Kaysville Exploring Muni Fiber; UTOPIA is a bidder

The muni fiber train in Utah continues to pick up steam as Kaysville wraps up a RFP to build a municipal fiber system. UTOPIA confirmed that they are a bidder on the project which calls for a public-private partnership in which the city maintains some level of ownership or control while another party handles construction and operation of the network. The city’s goal to deliver gigabit services to all homes for $80 or less per month by May 2021. The project scope also includes connecting all city buildings to the fiber network.

This is the latest example of cities finding that their options to improve broadband options and stay competitive in the marketplace can’t be left to existing incumbent providers. In addition to the 20 cities conducting feasibility studies with UTOPIA, multiple cities including Millcreek and Cedar City have heard proposals from EntryPoint Networks to construct municipal fiber systems.  This means upwards of 20% of the incorporated municipalities in Utah have built, are in the process of building, or are considering building fiber networks. That’s the kind of critical mass that can’t be undone and stands in stark contrast to how skittish many of them were even 5 years ago.

I’ve reached out to Kaysville City for more information on their proposal and will update the article as I hear back. Meanwhile, residents of Kaysville should contact their city council and mayor to make their voice heard, particularly if you have a preference as to who the city opts to partner with.

UPDATE 10/24/2018 9:19AM: I’ve been told that both Riverton and the small town of Hideout are also in the process of RFPs for fiber optic networks. Most notable is that Riverton has very clearly specified that they require an open access network and they are a non-pledging member of UTOPIA.

h/t Jonathan Karras for sending me a link to the RFP.

Expanding UTOPIA the Layton Way

UTOPIA has never been in a better position. Revenues have exceeded operating expenditures for a considerable amount of time, new footprints are being opened for service every month, and many member cities have been finally embracing the network as a vital part of their infrastructure. While Orem has been putting in a lot of time drawing up plans, Layton actually beat them to the punch and pulled the trigger on an expansion that will take no more than 24 months to cover the rest of the city.

In many ways, this is a lot like the UIA plan where bonds are issued to be paid back by pledging subscribers. There’s a couple differences, though. For starters, UIA can now issue bonds on its own authority. This means cities no longer have to use their bonding capacity to back them. The Layton plan also has the city backing the bonds using city franchise fees. If the subscriber numbers fall below what is required to pay the bond (which, to date, has not happened in a single UIA expansion area), the city pledges to cover the difference. On the flip side, if revenues exceed the bond payments (which has happened in most UIA expansion areas), the city gets to keep a cut of that for whatever they want. This could include paying off the original UTOPIA bonds, funding other city services, or anything else, really. It’s important to note that this revenue split option is only available to cities who assumed the original debt service.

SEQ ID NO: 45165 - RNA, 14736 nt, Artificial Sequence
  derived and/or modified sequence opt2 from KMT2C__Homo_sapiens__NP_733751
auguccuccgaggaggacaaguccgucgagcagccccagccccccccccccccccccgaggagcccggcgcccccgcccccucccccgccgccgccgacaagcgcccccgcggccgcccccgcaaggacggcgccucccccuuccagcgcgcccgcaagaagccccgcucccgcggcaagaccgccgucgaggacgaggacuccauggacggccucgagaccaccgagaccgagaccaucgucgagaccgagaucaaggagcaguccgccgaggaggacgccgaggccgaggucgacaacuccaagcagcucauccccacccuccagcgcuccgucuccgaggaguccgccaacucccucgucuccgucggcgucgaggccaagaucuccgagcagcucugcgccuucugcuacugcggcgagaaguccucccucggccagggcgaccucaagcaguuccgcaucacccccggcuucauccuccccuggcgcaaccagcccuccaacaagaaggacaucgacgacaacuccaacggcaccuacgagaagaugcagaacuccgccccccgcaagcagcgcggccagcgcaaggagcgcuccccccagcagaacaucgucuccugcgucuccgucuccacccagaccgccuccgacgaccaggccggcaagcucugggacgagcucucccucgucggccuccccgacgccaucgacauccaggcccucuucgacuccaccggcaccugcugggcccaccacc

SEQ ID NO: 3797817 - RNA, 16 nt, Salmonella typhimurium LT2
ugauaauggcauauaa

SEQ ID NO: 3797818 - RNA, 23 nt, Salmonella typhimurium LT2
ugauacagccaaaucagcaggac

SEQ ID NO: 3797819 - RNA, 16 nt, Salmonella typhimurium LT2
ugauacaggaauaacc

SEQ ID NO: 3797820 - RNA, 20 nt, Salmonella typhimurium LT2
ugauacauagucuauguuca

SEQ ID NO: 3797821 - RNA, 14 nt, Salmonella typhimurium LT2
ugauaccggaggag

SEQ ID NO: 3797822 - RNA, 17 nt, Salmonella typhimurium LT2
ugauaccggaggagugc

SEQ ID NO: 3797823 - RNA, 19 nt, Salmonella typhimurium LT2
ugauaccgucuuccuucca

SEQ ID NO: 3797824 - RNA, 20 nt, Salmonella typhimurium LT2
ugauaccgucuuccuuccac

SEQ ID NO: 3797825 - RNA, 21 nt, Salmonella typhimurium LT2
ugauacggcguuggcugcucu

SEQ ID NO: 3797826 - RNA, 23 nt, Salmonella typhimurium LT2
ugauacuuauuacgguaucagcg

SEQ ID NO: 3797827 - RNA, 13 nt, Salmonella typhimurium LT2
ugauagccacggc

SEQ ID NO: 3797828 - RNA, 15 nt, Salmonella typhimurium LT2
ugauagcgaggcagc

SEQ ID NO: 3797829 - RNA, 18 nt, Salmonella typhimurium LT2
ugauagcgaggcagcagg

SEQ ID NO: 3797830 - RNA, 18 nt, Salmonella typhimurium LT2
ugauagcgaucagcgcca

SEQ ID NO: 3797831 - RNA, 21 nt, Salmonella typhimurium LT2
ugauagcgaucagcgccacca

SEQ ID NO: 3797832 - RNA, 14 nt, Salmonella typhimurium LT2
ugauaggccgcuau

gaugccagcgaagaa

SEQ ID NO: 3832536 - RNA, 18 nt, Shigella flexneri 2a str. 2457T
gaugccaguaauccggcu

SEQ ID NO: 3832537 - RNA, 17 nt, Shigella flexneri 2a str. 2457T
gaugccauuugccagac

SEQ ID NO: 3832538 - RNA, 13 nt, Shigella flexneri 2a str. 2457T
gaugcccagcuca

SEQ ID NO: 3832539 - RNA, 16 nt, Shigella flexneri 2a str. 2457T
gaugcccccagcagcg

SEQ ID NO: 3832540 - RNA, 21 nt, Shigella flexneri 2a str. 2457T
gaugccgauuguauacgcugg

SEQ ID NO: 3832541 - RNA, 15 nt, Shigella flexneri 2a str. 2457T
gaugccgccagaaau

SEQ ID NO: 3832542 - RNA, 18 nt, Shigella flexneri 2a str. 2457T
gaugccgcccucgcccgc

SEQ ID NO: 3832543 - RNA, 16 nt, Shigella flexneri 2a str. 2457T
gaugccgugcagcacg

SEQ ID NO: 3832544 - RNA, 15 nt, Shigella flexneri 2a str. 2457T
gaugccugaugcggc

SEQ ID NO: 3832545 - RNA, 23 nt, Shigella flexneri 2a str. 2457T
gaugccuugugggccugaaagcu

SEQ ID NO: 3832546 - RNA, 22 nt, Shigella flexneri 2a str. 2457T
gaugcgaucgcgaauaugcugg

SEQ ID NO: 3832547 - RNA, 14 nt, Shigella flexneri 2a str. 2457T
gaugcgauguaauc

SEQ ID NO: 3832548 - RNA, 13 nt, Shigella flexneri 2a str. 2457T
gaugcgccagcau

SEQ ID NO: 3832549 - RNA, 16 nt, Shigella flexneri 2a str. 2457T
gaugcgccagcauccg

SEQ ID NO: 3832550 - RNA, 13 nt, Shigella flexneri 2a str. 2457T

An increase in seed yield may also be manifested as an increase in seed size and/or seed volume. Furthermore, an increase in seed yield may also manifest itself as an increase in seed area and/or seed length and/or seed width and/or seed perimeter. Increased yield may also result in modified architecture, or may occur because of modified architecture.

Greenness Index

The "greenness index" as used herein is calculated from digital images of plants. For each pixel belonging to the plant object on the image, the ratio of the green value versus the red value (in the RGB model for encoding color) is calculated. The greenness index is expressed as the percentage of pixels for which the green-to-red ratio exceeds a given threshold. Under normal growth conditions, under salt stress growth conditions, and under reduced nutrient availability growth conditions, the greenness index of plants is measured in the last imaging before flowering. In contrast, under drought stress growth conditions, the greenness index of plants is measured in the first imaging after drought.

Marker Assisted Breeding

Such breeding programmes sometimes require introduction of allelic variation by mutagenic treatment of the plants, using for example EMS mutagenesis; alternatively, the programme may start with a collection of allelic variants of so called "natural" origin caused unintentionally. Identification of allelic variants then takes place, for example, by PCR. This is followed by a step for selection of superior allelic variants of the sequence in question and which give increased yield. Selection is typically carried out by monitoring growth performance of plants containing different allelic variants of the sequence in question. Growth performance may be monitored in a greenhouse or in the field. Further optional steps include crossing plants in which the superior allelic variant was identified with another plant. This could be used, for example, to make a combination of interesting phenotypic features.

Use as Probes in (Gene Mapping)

A limiting factor is the available construction crews and materials. UTOPIA has said they’re currently connecting 1500 homes per month. The current housing boom has made finding additional people to build challenging. Add in that at least 20 (currently unnamed) cities are conducting feasibility studies with UTOPIA and you can see very quickly that rapid expansion may not exactly be in the cards. The take rate barrier for new cities is a scant 30%, low enough that it makes sense to pull the trigger and get your place in line. At least 40% of currently connected customers are opting for gigabit service, hinting that the revenue streams are there and won’t be meaningfully impacted by users opting for the slower 100M or 250M tiers.

Once again, the Daily Herald completely misses the mark on UTOPIA

It’s pretty incredible that even now newspapers can’t get stories about UTOPIA right. The Daily Herald penned a recent op-ed that managed to skip or mangle so many facts that it’s no small wonder they came to the erroneous conclusions that they did. I have to take some time to dissect the many, many ways in which they fall into decades-old failing arguments and end up doing little more than parroting the kind of tripe the Utah Taxpayers Association has shoveled since the very beginning.

First, they start off with a few paragraphs talking about 5G wireless. Remember when everyone told us that 4G LTE deployments would eradicate the need for wired Internet service at all? Or that WiFi would do the same thing? Yet here we are, two decades after 802.11 was introduced in consumer devices and nearly a decade into LTE deployments and that’s nowhere near the case. 5G will be no different. It lives on short-range frequencies that require deploying a ton of infrastructure to support. And, surprise, a big part of that is fiber to each one of the access points.